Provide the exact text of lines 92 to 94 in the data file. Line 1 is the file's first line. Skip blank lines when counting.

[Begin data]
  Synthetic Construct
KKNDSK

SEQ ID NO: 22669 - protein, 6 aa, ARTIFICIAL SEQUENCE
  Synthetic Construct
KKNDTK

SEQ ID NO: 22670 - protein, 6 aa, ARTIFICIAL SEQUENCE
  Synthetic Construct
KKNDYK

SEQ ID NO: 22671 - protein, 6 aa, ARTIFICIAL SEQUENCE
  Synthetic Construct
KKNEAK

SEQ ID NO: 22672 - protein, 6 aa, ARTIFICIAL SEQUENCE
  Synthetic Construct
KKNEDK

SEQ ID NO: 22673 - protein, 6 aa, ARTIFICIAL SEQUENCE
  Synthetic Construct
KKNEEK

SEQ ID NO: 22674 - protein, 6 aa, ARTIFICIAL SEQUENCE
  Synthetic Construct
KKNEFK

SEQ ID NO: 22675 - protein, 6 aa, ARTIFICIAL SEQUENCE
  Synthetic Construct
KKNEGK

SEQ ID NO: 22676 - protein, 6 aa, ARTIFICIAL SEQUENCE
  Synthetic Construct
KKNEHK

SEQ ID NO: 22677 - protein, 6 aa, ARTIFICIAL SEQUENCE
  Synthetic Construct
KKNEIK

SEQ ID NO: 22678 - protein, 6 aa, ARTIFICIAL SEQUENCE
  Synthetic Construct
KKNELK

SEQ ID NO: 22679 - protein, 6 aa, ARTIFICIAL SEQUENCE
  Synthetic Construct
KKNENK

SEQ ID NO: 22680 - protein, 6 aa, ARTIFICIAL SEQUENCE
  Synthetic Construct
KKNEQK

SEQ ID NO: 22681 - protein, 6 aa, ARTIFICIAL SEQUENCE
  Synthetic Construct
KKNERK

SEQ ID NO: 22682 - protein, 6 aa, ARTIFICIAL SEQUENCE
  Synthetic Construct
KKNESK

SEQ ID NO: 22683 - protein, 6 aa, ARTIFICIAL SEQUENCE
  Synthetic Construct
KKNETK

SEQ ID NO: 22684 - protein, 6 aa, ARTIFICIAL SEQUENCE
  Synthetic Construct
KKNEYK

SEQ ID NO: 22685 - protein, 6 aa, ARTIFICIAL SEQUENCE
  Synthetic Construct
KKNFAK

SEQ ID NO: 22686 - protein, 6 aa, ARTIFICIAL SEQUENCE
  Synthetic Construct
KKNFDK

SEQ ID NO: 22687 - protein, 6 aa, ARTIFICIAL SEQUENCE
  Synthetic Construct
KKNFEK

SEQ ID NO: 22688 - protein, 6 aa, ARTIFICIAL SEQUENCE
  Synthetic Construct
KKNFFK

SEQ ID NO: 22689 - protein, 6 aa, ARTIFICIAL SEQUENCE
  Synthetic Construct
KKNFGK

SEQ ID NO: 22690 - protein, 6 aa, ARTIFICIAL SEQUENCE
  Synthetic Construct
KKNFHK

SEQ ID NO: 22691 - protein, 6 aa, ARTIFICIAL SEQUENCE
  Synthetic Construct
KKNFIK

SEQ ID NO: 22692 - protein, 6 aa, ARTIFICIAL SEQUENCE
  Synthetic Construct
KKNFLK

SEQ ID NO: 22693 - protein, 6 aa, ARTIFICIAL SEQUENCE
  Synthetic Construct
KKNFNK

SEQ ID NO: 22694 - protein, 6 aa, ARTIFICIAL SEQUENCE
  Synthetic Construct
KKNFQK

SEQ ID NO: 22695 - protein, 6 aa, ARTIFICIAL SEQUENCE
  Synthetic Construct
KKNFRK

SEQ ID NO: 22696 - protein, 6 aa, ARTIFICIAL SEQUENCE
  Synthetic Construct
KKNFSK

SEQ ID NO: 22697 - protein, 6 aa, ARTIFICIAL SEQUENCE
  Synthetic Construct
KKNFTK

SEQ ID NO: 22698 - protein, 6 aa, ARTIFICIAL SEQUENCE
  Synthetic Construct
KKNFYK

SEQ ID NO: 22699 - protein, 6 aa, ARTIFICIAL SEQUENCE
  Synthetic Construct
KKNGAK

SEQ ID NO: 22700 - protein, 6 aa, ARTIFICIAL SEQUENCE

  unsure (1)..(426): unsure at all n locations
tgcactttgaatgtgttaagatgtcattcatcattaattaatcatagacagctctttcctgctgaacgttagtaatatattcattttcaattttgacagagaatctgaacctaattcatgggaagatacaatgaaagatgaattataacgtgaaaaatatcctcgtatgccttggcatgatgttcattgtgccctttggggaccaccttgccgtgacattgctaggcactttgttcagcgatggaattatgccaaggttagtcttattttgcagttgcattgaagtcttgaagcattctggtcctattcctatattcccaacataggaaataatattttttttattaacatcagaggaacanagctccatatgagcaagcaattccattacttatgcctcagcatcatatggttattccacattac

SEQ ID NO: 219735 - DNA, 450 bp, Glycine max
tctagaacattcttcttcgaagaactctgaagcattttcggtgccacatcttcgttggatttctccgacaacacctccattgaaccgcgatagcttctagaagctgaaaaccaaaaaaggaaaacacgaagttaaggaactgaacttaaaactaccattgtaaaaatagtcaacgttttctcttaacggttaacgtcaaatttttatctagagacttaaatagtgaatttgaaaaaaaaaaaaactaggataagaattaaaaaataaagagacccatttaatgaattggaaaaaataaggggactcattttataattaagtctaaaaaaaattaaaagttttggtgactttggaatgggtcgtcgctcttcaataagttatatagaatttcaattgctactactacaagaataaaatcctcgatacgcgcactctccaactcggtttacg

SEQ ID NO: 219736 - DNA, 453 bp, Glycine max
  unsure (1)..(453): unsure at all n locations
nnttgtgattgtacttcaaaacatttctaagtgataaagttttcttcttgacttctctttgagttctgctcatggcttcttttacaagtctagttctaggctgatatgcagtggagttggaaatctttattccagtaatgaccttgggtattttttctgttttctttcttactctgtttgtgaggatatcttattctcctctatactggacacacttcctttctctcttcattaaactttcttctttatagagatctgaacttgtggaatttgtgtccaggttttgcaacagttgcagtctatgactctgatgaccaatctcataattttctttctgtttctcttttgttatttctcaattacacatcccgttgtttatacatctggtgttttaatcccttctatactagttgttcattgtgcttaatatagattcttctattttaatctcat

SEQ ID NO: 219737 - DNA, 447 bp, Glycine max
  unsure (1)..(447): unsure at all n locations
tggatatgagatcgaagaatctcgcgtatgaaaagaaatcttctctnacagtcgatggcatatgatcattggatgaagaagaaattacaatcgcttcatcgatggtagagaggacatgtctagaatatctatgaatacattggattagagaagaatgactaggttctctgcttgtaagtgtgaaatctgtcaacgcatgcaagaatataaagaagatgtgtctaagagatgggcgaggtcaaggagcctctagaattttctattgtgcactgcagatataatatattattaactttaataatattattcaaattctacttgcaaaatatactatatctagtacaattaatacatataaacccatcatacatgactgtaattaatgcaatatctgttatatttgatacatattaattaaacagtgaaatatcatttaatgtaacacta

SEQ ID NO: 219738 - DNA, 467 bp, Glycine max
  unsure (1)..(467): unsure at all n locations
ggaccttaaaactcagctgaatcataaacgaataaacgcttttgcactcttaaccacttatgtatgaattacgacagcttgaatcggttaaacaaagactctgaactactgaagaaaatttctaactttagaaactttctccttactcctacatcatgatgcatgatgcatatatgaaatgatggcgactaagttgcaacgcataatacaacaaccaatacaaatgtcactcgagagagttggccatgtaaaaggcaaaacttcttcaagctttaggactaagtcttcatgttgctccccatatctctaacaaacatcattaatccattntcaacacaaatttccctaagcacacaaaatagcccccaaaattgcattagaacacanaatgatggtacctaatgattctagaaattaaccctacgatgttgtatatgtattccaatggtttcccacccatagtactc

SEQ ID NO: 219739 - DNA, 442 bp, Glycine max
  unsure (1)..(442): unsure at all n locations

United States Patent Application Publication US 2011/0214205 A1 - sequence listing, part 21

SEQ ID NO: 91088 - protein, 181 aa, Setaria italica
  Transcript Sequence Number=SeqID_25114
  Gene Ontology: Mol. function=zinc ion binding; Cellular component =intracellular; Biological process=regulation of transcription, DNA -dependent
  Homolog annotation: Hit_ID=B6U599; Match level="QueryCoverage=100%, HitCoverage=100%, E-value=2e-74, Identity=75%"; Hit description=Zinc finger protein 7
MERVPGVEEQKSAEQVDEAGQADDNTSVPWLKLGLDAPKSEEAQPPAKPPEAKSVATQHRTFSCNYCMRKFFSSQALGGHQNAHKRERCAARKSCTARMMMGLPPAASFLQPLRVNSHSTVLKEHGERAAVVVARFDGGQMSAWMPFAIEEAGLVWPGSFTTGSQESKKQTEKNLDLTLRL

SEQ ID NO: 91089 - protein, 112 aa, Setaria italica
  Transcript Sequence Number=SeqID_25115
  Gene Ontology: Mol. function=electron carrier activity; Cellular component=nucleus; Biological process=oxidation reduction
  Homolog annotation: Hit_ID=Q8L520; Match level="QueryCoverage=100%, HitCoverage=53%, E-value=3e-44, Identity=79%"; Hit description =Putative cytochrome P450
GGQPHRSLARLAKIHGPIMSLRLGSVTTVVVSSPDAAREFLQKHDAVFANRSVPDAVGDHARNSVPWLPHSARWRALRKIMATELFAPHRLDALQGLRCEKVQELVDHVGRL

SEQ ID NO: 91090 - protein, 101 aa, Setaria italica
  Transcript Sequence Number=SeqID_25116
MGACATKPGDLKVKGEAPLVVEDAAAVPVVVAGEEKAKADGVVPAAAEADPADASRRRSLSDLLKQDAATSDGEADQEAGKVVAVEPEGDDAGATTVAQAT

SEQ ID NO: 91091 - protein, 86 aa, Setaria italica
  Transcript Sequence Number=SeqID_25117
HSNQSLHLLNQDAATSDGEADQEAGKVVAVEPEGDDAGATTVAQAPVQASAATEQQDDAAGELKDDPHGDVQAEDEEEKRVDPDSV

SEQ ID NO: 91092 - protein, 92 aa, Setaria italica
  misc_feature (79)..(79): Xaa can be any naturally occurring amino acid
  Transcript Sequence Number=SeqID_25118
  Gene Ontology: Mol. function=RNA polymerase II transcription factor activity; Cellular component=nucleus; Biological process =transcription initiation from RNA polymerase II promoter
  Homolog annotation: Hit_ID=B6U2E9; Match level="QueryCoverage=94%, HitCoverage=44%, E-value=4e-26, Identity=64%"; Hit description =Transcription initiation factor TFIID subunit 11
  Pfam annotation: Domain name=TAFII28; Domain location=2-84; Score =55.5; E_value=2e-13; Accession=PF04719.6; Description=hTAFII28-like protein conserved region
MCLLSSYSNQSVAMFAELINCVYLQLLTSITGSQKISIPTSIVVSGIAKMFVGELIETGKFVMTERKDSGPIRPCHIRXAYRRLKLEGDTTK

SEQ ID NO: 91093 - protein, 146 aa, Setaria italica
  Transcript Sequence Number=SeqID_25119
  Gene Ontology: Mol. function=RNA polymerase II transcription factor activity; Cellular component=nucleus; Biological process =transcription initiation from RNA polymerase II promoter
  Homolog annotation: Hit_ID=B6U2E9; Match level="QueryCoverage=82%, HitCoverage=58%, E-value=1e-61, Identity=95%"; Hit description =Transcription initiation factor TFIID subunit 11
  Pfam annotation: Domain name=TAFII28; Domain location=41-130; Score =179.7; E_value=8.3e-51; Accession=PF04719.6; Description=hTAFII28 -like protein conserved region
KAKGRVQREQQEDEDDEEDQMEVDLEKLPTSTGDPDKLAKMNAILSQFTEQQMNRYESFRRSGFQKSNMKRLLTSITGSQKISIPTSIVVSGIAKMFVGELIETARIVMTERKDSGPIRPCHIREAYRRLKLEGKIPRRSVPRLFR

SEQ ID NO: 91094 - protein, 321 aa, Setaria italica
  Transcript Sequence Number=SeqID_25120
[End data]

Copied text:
KKNFYK

SEQ ID NO: 22699 - protein, 6 aa, ARTIFICIAL SEQUENCE
  Synthetic Construct